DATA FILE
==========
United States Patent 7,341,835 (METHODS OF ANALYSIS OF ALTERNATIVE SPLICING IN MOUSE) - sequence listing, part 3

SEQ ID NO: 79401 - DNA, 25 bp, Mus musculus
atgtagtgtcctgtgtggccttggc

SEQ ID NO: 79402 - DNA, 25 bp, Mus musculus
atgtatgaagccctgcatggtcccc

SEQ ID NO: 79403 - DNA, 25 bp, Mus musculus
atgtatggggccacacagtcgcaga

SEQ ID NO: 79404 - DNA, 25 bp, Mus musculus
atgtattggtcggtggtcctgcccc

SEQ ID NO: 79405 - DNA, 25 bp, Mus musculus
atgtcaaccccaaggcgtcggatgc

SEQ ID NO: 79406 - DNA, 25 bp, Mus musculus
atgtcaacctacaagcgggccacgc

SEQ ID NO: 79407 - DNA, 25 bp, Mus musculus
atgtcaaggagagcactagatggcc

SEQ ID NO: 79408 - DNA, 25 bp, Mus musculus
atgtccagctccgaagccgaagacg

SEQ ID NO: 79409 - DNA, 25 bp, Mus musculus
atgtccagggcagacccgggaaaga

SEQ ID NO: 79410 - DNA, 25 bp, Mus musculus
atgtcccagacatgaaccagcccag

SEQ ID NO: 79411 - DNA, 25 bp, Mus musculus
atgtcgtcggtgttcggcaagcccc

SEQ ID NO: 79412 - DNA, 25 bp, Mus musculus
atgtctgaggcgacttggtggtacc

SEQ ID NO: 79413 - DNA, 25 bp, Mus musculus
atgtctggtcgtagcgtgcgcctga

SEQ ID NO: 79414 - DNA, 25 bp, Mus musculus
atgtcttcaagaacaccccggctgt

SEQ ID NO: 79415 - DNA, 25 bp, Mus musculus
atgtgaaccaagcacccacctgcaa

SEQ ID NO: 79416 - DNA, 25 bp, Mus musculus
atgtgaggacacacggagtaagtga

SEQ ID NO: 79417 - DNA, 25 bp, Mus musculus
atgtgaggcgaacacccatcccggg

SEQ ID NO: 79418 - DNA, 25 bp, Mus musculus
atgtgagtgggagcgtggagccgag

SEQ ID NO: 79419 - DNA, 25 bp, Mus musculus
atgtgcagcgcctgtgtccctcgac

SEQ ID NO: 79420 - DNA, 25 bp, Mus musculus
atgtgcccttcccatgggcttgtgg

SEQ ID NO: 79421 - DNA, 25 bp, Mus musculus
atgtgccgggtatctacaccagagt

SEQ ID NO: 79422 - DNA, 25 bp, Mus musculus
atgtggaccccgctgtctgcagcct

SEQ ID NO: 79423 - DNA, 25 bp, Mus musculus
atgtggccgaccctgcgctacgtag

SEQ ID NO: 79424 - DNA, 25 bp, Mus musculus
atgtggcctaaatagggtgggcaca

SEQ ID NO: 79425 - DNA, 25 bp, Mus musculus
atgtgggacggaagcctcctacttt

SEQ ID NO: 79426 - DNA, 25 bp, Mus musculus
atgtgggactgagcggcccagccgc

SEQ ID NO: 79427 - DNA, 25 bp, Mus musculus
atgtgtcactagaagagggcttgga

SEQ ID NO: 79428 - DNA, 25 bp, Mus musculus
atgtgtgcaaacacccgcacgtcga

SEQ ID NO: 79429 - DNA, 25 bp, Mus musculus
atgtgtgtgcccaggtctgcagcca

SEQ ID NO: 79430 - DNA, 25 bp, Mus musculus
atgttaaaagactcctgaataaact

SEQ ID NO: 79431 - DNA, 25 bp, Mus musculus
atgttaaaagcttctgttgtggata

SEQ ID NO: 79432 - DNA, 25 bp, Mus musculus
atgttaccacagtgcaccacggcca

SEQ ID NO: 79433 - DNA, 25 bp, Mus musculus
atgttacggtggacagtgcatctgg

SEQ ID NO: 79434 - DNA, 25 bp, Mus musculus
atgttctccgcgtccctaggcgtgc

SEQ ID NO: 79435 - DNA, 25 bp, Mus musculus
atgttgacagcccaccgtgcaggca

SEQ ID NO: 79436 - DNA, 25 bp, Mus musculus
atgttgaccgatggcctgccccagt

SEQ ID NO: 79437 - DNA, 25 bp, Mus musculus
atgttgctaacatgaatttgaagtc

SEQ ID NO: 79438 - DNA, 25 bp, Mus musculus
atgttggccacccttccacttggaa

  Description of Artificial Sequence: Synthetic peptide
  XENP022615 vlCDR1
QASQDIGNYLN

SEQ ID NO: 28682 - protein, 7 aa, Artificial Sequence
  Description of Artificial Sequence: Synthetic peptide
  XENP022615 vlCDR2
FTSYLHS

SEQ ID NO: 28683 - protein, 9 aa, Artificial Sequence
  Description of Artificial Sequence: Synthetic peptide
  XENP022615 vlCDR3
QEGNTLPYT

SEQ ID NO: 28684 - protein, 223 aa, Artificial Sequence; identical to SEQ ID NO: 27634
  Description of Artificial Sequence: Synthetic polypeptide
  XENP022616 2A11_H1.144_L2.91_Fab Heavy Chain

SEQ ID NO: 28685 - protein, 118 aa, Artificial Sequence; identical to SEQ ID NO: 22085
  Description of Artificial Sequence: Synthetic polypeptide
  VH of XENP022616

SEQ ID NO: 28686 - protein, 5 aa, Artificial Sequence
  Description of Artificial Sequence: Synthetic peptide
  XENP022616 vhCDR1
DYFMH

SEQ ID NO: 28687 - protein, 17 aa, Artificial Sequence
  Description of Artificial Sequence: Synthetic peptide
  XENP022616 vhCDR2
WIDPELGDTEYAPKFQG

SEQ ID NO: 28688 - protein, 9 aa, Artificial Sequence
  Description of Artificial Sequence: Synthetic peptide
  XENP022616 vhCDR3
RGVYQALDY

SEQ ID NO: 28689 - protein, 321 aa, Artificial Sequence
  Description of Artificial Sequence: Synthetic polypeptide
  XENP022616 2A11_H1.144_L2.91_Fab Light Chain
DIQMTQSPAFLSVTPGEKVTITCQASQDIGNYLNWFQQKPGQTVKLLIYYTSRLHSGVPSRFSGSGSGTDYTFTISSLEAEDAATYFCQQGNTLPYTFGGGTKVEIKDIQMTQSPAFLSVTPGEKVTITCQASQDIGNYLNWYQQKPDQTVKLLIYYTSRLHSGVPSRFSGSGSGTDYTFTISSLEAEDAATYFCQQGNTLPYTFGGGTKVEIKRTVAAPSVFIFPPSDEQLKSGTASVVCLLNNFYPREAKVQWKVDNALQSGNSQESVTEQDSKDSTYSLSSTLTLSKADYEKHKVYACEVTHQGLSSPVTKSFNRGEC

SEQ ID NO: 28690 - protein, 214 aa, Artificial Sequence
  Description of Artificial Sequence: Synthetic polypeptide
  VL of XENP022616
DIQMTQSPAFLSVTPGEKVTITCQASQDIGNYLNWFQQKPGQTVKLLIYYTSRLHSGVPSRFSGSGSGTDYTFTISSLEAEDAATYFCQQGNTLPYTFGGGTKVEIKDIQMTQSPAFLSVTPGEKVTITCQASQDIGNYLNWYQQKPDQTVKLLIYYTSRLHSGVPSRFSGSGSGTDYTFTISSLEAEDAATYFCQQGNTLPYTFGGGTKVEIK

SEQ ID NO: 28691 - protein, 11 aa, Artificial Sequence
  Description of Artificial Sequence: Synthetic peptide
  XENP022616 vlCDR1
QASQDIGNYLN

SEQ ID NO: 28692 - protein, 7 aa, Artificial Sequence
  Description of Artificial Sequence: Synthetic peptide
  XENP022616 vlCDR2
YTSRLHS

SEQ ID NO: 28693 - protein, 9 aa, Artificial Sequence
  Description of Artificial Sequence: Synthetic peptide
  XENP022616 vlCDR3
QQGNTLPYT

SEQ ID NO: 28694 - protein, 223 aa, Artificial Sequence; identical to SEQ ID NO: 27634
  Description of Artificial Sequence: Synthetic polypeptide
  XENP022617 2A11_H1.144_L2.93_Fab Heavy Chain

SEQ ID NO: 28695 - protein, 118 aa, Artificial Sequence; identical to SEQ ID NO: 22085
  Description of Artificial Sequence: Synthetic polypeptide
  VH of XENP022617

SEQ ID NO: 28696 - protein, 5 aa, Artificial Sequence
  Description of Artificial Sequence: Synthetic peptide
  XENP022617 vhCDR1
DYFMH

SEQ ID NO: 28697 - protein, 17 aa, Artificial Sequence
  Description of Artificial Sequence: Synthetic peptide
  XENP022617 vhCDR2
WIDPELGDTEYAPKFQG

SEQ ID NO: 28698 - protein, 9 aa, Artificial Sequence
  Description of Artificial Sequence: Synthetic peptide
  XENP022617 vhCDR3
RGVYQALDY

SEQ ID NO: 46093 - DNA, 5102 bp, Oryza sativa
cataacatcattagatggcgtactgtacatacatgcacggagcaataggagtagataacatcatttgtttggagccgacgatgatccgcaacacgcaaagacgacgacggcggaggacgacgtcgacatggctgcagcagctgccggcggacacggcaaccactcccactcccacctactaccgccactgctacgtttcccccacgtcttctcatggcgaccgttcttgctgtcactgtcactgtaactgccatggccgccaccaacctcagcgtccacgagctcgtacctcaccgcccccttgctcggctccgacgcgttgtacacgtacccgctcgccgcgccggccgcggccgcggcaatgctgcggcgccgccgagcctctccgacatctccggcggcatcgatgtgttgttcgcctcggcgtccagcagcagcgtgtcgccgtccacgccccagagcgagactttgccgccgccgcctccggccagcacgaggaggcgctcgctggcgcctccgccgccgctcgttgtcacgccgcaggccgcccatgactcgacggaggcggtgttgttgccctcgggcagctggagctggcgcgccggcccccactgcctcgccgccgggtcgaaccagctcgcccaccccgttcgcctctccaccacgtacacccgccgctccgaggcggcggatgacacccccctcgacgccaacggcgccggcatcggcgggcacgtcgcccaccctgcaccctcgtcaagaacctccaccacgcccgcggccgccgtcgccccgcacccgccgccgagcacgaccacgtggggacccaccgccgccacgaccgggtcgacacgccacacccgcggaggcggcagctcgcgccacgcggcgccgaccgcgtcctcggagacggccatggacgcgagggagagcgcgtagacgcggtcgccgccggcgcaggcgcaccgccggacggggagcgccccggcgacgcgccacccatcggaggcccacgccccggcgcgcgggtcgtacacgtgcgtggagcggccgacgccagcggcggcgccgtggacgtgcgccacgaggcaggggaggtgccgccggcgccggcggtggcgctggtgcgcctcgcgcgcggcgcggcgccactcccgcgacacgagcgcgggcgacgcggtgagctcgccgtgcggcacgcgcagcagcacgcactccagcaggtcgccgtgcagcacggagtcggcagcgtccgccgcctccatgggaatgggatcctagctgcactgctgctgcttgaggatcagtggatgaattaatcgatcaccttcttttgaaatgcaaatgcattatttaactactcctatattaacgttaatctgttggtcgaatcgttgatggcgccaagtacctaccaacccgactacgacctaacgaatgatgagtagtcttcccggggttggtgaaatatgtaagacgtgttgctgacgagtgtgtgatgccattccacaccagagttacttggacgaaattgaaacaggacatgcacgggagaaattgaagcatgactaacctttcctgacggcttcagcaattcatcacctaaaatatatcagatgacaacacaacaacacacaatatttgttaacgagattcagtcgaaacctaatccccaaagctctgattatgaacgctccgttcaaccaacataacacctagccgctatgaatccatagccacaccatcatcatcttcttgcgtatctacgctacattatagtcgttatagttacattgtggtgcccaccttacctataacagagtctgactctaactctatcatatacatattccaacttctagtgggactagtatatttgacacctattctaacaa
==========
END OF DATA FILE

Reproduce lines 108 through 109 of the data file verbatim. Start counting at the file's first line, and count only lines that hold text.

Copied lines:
  Description of Artificial Sequence: Synthetic polypeptide
  XENP022616 2A11_H1.144_L2.91_Fab Light Chain